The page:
Seems like either would have been a more incremental evolution of the Delta rocket.
Instead they take quite a turn to go from 2.4m core to 5m core, hydrolox instead of kerolox.  From about a 25m long core to a 40m long core.  Form integral SRBís to optional SRBís.  Just wondering why.

And sorta thinking that if Delta IV had been a 5m wide LV with a single F-1A engine, that that might have been a building block LV that NASA may have evaluated more closely during ESAS.  It should have gotten Orion to LEO by itself.  And stretching the core and putting two F-1ís on it would make something like the Dynetics booster, and a tri-core version of that would have made a pretty good 1.5 launch architecture, with a lot of synergy with EELVís. 
The tri-core would have just probably needed a new larger upper stage and/or EDS, which NASA could have made themselves.

OrÖfor more synergy, a 2-launch architecture with two tri-core heavies of the single engine cores.  That should have gotten something like 120-140mt to LEO Iíd think.  It would have basically been Atlas Phase 2, but already developed an flying.  And with a storied US built engine.
 
« Last Edit: 05/11/2013 04:24 pm by Chris Bergin »

Offline simonbp

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Re: Why did was Delta IV designed like it was?
« Reply #1 on: 05/10/2013 11:23 pm »
Delta IV is a direct descendant of NLS III.

The NLS program was built around the STME, which was a cost-reduced expendable version of SSME. The NLS I used an ET core with STMEs and two shuttle SRBs. NLS II was smaller version with ET tank and no SRBs and old Atlas-style stage and-a-half. NLS III was an even smaller version with one STME and 5.5 m tanks.

Boeing continued to develop the concept after NLS was canned and proposed it for the competition that became EELV, with a an ablative nozzle version of the STME called RS-68. When Boeing and McDonnell Douglas merged, the rocket became known as Delta IV.

EDIT: This explains the logic a bit:

http://books.google.com/books?id=eWbO9JJoAogC&lpg=PA258&ots=9_LV1L0-ID&dq=%22NLS%20III%22%20stme&pg=PA259#v=onepage&q=%22NLS%20III%22%20stme&f=false
« Last Edit: 05/10/2013 11:30 pm by simonbp »

Offline Jim

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Re: Why did was Delta IV designed like it was?
« Reply #2 on: 05/11/2013 01:52 am »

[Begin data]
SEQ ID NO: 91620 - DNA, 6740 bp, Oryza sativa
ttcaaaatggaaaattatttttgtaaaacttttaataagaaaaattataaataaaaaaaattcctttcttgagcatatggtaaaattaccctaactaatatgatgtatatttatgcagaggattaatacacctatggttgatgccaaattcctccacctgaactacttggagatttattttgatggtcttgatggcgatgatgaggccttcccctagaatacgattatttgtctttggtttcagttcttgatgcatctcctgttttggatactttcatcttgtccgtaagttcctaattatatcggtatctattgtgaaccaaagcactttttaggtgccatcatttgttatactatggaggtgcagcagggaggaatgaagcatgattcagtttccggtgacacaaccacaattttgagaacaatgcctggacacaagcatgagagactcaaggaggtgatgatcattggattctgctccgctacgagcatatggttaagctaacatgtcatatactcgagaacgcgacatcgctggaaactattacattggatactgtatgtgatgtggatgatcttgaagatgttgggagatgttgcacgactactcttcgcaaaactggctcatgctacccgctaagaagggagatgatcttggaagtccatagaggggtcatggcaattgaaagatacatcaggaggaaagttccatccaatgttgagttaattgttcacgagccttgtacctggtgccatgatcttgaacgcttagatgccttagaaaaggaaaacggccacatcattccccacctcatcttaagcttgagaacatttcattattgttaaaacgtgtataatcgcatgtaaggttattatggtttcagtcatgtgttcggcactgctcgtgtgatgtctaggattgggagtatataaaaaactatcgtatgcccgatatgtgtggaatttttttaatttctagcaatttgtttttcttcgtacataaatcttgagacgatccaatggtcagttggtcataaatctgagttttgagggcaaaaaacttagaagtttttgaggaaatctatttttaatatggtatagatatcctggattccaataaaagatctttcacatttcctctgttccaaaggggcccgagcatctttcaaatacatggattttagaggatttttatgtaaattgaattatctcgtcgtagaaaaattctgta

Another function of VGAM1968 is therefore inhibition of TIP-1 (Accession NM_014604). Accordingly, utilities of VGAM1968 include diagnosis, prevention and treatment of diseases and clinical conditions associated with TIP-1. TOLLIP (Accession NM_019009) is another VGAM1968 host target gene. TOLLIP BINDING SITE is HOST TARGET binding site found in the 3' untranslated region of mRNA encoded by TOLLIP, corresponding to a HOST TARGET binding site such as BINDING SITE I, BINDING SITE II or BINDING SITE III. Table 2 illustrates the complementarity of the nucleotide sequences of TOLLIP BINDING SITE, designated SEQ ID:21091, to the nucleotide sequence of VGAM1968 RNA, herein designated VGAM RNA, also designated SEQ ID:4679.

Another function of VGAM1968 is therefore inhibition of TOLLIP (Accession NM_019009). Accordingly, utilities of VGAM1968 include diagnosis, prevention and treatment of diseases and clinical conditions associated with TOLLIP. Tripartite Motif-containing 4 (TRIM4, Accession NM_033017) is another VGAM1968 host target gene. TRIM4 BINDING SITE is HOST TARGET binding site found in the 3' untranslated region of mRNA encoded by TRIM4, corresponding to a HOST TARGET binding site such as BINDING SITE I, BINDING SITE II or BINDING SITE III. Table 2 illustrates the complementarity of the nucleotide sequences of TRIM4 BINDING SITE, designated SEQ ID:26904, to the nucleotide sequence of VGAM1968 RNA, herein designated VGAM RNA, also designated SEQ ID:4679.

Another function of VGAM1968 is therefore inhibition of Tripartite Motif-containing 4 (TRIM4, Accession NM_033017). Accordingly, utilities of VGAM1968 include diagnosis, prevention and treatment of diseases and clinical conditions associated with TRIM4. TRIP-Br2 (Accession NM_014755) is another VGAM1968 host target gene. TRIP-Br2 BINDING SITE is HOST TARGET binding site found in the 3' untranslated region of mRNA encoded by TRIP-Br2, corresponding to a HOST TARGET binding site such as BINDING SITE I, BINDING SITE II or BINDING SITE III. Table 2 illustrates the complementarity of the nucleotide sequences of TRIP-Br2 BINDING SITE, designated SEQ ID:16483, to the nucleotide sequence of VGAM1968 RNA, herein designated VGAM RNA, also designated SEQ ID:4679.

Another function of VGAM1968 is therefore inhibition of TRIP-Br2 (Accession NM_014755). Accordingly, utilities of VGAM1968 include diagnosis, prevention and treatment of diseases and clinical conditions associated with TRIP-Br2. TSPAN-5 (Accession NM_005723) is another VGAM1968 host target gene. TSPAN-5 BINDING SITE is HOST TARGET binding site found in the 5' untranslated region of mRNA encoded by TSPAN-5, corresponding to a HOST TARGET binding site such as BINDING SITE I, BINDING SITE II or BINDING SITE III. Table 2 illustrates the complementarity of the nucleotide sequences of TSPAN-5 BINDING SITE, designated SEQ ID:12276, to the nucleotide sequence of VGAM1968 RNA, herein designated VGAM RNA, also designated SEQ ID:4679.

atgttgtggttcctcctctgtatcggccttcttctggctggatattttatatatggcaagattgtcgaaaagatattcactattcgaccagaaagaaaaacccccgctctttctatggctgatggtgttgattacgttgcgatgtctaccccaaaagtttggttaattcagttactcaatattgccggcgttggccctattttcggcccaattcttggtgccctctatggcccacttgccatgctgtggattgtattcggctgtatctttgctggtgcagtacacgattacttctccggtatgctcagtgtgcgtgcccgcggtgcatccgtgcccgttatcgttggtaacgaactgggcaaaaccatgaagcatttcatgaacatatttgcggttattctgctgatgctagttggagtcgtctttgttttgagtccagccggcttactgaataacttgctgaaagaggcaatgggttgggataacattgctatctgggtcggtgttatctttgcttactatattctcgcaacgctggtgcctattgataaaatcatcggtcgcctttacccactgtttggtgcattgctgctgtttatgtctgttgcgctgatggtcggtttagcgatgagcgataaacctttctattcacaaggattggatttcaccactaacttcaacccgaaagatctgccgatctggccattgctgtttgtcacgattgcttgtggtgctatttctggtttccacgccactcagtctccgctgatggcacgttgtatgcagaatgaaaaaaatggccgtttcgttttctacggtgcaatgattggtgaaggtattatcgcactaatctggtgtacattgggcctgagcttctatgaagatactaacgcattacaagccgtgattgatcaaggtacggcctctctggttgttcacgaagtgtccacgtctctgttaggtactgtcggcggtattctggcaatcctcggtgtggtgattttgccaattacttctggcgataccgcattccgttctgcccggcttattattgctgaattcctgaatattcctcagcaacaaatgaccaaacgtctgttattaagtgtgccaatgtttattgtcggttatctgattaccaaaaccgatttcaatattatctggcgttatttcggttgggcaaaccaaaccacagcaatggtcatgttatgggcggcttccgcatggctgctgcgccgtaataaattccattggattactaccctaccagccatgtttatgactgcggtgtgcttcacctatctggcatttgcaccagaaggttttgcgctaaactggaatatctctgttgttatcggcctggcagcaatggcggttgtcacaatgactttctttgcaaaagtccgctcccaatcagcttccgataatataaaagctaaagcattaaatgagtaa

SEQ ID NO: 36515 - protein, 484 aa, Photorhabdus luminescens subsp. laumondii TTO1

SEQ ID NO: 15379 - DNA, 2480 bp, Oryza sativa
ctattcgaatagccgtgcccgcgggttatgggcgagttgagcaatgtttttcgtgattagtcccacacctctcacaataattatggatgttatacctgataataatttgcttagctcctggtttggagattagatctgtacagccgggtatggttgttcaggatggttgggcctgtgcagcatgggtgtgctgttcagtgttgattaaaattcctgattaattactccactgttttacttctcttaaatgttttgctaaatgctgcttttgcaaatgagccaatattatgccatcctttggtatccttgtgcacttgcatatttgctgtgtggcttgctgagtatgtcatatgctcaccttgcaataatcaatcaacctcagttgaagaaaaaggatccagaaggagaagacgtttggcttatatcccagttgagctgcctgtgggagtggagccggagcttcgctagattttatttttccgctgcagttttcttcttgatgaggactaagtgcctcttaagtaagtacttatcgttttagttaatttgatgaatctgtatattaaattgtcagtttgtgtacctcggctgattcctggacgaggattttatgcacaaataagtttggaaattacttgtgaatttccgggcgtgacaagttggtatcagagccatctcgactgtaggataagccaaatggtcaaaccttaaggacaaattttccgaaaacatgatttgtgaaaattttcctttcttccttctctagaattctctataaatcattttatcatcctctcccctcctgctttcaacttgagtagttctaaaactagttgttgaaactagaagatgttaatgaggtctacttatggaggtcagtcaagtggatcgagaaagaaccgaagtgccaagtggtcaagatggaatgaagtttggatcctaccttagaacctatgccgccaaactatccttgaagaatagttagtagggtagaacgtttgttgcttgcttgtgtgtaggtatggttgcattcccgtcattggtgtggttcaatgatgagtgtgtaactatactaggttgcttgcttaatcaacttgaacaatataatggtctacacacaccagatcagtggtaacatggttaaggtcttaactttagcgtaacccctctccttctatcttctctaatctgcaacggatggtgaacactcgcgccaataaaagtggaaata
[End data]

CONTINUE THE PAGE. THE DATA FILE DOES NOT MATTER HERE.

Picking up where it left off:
Delta IV is a direct descendant of NLS III.

The NLS program was built around the STME, which was a cost-reduced expendable version of SSME. The NLS I used an ET core with STMEs and two shuttle SRBs. NLS II was smaller version with ET tank and no SRBs and old Atlas-style stage and-a-half. NLS III was an even smaller version with one STME and 5.5 m tanks.

Boeing continued to develop the concept after NLS was canned and proposed it for the competition that became EELV, with a an ablative nozzle version of the STME called RS-68. When Boeing and McDonnell Douglas merged, the rocket became known as Delta IV.


Correction, it was all McDonnell Douglas.  Heritage Boeing was never involved in Delta IV, it only became Boeing through the merger.  Boeing lost out of the EELV competition when it went from 4 to 2 contractors.  Boeing then developed Sealaunch to get in the launcher business.

There are photos of Boeing's EELV proposal on L2.
http://forum.nasaspaceflight.com/index.php?topic=29906.0
« Last Edit: 05/11/2013 01:56 am by Jim »

Offline Lobo

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Re: Why did was Delta IV designed like it was?
« Reply #3 on: 05/11/2013 02:34 am »
Delta IV is a direct descendant of NLS III.

The NLS program was built around the STME, which was a cost-reduced expendable version of SSME. The NLS I used an ET core with STMEs and two shuttle SRBs. NLS II was smaller version with ET tank and no SRBs and old Atlas-style stage and-a-half. NLS III was an even smaller version with one STME and 5.5 m tanks.